Study findings showed a correlation between the incidence of rectal gonorrhea and HIV infection among men who have sex with men who are not using pre-exposure prophylaxis, or PrEP, for HIV prevention. Researchers said the finding demonstrates that rectal gonorrhea incidence may serve as a potential predictor of HIV incidence, which could inform future HIV prevention trials.
“Our article is a potential proof-of-concept of the relationship between HIV incidence and rectal gonorrhea incidence in men who have sex with men (MSM) based on a simple literature search,” Jeffrey S. Murray, MD, MPH, deputy director of the FDA’s Division of Antiviral Products, told Infectious Disease News. “If fully developed, with additional data confirming this finding, one could possibly use this as a drug development tool for HIV prevention trials. It is a tool to estimate what the HIV incidence would have been had trial participants not received PrEP.”
PrEP has been shown to be highly effective in reducing the incidence of HIV — a “tremendous public health accomplishment” that nevertheless “raises challenges for future PrEP efficacy trials,” Murray and colleagues wrote.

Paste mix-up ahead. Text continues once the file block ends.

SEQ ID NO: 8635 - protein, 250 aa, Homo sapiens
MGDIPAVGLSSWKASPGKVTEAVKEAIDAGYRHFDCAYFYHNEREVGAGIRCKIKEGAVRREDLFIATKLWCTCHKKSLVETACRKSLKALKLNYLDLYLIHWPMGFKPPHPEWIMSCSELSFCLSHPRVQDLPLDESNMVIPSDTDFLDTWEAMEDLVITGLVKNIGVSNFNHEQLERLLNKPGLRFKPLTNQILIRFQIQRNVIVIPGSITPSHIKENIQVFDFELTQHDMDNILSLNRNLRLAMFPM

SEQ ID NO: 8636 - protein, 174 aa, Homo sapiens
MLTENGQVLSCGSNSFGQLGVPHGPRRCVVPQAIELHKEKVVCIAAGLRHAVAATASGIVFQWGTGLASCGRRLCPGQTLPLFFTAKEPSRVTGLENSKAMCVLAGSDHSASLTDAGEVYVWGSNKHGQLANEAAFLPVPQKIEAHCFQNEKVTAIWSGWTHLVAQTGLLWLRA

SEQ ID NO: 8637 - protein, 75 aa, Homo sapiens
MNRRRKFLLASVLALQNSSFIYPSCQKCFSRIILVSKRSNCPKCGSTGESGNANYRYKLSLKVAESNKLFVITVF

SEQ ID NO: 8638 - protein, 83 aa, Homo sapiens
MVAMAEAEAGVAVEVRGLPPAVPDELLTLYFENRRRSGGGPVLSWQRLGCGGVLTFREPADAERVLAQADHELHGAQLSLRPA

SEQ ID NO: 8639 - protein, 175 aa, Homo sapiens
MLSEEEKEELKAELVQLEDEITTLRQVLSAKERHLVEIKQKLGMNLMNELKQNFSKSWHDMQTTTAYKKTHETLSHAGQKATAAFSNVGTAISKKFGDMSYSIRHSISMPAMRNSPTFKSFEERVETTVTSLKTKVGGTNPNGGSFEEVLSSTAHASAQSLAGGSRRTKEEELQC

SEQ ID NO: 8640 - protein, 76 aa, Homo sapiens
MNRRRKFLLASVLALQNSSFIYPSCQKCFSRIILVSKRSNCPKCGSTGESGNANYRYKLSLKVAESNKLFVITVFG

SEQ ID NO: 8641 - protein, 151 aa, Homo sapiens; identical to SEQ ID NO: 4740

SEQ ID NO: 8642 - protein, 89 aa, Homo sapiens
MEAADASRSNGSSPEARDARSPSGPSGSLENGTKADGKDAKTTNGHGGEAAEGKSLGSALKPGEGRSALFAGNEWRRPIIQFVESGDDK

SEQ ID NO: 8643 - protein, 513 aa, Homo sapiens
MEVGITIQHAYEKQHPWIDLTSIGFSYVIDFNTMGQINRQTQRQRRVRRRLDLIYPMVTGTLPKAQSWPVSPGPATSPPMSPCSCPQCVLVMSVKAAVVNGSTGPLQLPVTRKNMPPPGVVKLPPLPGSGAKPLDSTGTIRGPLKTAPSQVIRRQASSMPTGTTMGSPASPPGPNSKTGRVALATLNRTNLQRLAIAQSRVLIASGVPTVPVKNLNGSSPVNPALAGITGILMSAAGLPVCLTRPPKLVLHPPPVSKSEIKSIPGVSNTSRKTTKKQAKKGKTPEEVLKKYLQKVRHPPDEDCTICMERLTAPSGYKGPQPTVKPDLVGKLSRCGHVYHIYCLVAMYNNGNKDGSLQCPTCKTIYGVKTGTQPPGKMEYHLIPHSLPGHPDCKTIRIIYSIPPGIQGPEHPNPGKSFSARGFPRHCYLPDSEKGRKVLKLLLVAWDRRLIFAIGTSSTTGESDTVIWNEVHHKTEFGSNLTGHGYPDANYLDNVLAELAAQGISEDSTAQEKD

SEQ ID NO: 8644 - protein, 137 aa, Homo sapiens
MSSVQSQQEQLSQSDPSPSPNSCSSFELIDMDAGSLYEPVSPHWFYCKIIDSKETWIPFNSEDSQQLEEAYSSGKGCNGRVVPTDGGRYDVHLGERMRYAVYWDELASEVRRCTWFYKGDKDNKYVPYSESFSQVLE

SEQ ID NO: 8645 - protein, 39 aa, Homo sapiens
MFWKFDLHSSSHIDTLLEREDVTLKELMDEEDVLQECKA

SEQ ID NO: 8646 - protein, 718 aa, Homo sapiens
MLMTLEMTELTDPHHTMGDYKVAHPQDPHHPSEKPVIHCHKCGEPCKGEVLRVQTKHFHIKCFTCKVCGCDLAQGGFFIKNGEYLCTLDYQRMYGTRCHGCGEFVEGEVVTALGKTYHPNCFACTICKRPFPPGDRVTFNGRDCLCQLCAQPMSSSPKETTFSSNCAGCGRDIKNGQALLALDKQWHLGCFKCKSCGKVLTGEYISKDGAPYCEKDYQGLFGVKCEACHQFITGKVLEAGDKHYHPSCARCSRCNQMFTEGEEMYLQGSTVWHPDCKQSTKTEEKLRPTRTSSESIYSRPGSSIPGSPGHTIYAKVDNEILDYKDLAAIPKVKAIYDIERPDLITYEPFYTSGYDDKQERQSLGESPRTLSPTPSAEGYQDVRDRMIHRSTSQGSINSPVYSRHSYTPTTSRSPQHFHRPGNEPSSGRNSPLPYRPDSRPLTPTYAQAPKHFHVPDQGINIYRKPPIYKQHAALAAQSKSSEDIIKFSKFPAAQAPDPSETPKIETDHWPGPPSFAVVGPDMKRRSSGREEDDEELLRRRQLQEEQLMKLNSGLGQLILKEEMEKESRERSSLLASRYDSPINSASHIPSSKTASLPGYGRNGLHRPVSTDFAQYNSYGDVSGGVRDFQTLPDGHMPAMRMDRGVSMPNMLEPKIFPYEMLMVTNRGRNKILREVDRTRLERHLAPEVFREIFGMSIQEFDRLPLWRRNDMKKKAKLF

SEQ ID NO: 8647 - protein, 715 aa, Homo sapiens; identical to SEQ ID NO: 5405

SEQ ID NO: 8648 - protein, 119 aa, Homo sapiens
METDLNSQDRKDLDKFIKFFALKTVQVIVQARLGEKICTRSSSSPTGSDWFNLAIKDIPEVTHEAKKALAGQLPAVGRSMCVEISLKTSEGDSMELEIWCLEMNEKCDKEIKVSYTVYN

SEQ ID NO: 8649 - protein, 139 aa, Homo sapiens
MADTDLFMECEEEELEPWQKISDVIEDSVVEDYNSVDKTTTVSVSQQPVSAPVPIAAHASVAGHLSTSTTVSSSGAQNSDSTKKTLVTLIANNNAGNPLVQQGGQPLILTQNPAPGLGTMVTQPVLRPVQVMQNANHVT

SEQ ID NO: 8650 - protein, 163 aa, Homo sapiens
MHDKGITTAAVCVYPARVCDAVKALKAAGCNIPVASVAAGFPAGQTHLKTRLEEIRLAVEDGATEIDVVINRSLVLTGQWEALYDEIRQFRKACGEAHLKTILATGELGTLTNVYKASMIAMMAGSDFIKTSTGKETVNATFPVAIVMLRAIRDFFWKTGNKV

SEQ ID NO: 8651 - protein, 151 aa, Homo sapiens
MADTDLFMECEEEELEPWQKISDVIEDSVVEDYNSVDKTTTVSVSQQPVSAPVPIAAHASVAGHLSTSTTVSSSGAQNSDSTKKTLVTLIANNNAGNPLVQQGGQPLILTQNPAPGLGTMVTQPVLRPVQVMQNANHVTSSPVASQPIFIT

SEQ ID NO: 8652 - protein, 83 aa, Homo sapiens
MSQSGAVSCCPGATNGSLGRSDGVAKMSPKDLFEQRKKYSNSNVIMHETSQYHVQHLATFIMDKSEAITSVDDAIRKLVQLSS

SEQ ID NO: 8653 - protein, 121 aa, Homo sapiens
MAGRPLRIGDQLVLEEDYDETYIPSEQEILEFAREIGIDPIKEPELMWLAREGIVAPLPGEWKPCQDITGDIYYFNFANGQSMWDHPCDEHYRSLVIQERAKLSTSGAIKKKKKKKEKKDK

In high-risk populations, it is common for HIV and rectal gonorrhea to “travel together,” Murray said. For their study, he and co-author, Charu Mullick, MD, senior medical officer of the FDA’s Division of Antiviral Products, searched available literature in PubMed using the search terms “gonorrhea” and “HIV.” They included only studies published in 2000 or later involving HIV-uninfected MSM not taking PrEP that had available prospective longitudinal incidence for rectal gonorrhea and HIV in the cohort for the same person-years follow-up.
The final analysis included eight studies conducted from 2000 to 2016. Overall, the incidence of rectal gonorrhea ranged from 1.7/100 person-years to 33/100 person-years, whereas the incidence of HIV ranged from 0.9/100 person-years to 9/100 person-years. Mullick and Murray observed a “strong correlation” for rectal gonorrhea and HIV incidence (Pearson correlation = 0.94; 95% CI, 0.68-0.99).
Using the reported HIV and rectal gonorrhea rates from the eight studies, the researchers developed a predictive model for HIV incidence rate, which could potentially be used to predict risky sexual behavior in PrEP trials, according to the study.
“A counterfactual HIV incidence estimate could help in reducing trial sizes in the future or perhaps even allow for single-armed trials,” Murray said. “Our goal in publishing this was to provoke interest in further analyzing associations between [rectal gonorrhea] — and other sexually transmitted infections — and HIV using additional cohorts and in stimulating research in ways to make HIV prevention trials more efficient.”
By Marley Ghizzone